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The Major Simpsons Episode You Likely Forgot Guillermo Del Toro Directed

The three-decade run of Matt Groening's "The Simpsons" is a fantastic feat for any TV show, let alone an animated sitcom. The show is such a pillar of pop culture that it has often helped the careers of some who have worked on it. Already with a writing credit for "Saturday Night Live," and before he eased us into the late-night hours with laughs, Conan O' Brien wrote for "The Simpsons." David X. Cohen also worked on the series before co-developing "Futurama" with Groening (via IMDb).

But "The Simpsons" isn't just a one-way path to other avenues in Hollywood. The series has also pulled in countless celebrity guests during its many seasons, usually in the form of actors and artists lending their voices to a character. But in 2013, the series switched gears and let one noteworthy auteur sit behind the director's chair for part of an episode. 

Guillermo del Toro is known and revered for his work on films such as "Pan's Labyrinth" and "The Shape of Water," the latter of which earned him awards for best director and best picture along with two other Oscar wins for the production. Yet along with his vast collection of work in film, there is also one major "Simpsons" episode del Toro co-directed.

Del Toro directed the couch gag for Treehouse of Horror XXIV

Many of Guillermo del Toro's films have played within the realms of fantasy, sci-fi, and horror — so his familiar background in those genres made him a perfect fit for the "Treehouse of Horror" event on "The Simpsons." The annual Halloween episodes place the Simpson family and the city of Springfield into some hilarious parodies of the same genre that del Toro often artistically visits. During Season 25 of the series, del Toro got the chance to direct the couch gag for "Treehouse of Horror XXIV."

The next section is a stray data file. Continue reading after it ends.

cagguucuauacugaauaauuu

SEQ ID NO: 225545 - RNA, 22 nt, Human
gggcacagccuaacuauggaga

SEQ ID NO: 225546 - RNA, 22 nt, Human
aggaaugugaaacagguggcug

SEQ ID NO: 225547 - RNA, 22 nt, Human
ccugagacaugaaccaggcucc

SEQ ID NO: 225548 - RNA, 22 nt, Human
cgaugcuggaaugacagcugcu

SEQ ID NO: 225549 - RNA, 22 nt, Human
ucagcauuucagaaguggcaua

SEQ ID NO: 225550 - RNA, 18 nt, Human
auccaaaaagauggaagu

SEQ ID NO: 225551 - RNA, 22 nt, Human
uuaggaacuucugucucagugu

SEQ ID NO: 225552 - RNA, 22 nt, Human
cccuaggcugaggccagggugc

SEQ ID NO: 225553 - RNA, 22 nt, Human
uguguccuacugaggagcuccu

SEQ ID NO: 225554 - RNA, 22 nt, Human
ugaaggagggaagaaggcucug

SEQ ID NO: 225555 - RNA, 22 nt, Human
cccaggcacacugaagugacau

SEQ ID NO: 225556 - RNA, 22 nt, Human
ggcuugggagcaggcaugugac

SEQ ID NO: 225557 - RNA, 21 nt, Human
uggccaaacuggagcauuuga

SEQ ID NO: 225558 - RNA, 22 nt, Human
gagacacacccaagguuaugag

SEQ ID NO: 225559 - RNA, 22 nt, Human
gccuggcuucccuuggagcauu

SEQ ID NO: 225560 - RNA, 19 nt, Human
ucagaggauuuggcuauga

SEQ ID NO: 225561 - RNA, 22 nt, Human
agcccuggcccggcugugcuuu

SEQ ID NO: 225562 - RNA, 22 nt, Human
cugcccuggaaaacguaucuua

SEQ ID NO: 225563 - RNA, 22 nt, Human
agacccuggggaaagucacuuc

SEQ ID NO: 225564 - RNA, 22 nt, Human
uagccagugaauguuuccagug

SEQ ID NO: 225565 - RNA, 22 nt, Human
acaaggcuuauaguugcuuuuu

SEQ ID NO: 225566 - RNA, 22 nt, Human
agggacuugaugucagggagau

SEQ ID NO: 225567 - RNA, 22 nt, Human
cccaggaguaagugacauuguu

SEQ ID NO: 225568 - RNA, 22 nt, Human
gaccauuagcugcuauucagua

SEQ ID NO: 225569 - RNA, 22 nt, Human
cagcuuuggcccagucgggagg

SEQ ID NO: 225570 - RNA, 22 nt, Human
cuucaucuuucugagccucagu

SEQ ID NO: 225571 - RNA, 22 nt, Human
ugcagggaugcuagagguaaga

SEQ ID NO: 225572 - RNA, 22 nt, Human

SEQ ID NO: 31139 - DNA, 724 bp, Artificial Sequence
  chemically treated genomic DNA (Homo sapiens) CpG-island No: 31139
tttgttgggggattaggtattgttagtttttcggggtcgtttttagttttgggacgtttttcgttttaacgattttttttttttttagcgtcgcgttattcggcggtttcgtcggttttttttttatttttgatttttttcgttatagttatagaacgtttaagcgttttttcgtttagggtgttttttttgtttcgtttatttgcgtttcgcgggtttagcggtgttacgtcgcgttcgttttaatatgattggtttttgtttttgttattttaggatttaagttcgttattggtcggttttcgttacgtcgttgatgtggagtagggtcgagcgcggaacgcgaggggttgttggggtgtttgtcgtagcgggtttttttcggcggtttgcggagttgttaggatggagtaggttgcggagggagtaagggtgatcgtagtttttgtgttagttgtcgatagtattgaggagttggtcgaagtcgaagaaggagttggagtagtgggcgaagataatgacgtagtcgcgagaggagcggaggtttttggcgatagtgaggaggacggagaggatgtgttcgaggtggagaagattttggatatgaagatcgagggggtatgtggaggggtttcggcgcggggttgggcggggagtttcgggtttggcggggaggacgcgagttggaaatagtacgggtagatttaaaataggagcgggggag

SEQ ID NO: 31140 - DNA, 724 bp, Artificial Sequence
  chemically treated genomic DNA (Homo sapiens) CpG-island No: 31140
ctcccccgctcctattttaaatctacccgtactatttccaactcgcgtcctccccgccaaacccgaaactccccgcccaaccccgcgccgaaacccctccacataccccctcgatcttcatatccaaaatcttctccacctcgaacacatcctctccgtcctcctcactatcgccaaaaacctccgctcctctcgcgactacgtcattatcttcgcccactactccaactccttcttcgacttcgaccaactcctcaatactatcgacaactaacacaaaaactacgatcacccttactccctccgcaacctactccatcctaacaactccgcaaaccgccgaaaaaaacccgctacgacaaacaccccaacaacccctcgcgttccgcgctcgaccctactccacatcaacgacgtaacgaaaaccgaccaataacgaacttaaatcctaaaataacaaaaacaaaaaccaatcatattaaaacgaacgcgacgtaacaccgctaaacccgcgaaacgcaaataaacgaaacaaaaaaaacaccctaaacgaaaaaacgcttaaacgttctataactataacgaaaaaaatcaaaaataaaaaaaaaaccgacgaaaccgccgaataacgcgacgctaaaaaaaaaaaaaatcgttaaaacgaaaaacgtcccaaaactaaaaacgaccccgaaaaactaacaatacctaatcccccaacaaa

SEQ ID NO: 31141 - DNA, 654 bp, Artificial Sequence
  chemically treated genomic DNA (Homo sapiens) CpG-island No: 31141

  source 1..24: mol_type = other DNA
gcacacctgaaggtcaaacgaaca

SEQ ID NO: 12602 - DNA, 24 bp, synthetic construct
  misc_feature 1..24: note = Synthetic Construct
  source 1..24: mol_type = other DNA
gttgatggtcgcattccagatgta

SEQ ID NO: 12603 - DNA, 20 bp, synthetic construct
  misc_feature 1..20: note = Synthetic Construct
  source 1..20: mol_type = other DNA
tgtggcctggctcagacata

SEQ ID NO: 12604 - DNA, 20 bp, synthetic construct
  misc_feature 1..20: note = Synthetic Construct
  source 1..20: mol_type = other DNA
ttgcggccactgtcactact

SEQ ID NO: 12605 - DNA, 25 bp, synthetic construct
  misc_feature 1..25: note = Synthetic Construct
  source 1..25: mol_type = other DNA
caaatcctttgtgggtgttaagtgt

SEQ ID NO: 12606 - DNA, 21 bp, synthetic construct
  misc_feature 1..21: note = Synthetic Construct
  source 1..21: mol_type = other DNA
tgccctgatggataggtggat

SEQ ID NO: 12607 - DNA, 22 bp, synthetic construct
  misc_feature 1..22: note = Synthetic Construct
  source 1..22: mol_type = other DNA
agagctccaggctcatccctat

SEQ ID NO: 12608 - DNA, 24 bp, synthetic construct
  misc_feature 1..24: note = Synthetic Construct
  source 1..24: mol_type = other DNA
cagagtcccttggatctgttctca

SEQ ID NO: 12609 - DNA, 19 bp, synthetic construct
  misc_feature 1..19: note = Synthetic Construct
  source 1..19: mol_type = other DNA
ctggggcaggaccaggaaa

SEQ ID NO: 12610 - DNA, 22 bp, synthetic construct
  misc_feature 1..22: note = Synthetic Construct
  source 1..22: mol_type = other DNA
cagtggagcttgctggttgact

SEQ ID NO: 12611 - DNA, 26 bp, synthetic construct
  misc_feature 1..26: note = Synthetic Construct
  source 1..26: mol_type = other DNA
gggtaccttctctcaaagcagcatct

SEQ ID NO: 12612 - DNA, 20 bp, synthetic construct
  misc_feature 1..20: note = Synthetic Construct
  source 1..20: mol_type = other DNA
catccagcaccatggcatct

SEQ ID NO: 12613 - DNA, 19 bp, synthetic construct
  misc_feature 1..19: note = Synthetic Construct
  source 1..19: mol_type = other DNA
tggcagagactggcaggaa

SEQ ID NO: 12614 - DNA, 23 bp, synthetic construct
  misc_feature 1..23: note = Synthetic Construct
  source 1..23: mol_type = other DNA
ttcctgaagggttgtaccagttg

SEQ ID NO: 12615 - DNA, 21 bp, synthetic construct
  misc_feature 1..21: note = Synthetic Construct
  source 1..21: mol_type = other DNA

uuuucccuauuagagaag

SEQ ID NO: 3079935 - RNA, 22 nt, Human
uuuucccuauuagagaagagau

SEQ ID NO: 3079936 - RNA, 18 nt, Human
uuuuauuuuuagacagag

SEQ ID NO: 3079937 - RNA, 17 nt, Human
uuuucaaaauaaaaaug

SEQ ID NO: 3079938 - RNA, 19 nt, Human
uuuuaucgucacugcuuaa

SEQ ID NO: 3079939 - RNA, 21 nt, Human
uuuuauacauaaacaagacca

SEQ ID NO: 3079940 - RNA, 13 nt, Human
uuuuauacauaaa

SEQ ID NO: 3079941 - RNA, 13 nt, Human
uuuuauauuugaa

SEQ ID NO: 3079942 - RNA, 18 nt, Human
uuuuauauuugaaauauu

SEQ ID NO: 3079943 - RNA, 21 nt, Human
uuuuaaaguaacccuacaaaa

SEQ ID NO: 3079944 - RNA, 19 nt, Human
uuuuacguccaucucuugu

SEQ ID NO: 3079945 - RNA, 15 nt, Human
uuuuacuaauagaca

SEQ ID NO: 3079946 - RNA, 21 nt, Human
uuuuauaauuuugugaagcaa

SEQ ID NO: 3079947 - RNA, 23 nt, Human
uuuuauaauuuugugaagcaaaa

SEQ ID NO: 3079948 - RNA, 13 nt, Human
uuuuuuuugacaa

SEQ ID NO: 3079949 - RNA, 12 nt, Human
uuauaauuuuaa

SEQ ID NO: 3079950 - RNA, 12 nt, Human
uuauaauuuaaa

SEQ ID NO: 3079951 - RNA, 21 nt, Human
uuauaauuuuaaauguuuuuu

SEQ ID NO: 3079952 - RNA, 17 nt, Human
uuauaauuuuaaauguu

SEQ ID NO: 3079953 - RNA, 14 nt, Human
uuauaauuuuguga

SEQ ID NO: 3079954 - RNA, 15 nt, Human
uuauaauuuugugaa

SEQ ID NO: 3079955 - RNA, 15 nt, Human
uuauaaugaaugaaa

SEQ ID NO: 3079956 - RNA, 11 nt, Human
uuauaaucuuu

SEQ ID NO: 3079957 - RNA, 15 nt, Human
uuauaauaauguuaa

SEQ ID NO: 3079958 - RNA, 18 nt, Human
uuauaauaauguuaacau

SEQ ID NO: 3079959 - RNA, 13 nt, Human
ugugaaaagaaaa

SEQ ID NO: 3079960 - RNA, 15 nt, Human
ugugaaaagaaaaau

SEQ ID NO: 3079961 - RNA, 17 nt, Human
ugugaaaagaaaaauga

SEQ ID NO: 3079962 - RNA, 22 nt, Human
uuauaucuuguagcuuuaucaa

With one look at the opening, it's easy to feel the filmmaker's presence in his homages to horror (via AniDom YouTube). Del Toro welcomed the opportunity to bridge the animated series with some of Hollywood's most well-known macabre movies and his own film work. "The Simpsons titles are so iconic, and yet they've never been riffed in this vein," del Toro said in an interview with Entertainment Weekly. "I really wanted to land the connections between the [show's] set pieces and the titles and some of the most iconic horror movies, and intersperse them with some of my stuff in there for pure joy." 

His opening couch gag is filled with humorous nods to some of the most iconic Hollywood horror and fantasy films, including Alfred Hitchcock's "The Birds" and the 1943 "Phantom of the Opera" along with the other classic movie monsters. But direct references to del Toro's films like "Hellboy" and "Blade II" also make their way into the opening via some wacky cosplay from Groundskeeper Willie and Carl. And perhaps in one of the most fitting pairings, del Toro transforms Mr. Burns into the fearsome Pale Man from "Pan's Labyrinth." The opening is worth multiple viewings just to catch its massive number of Easter eggs.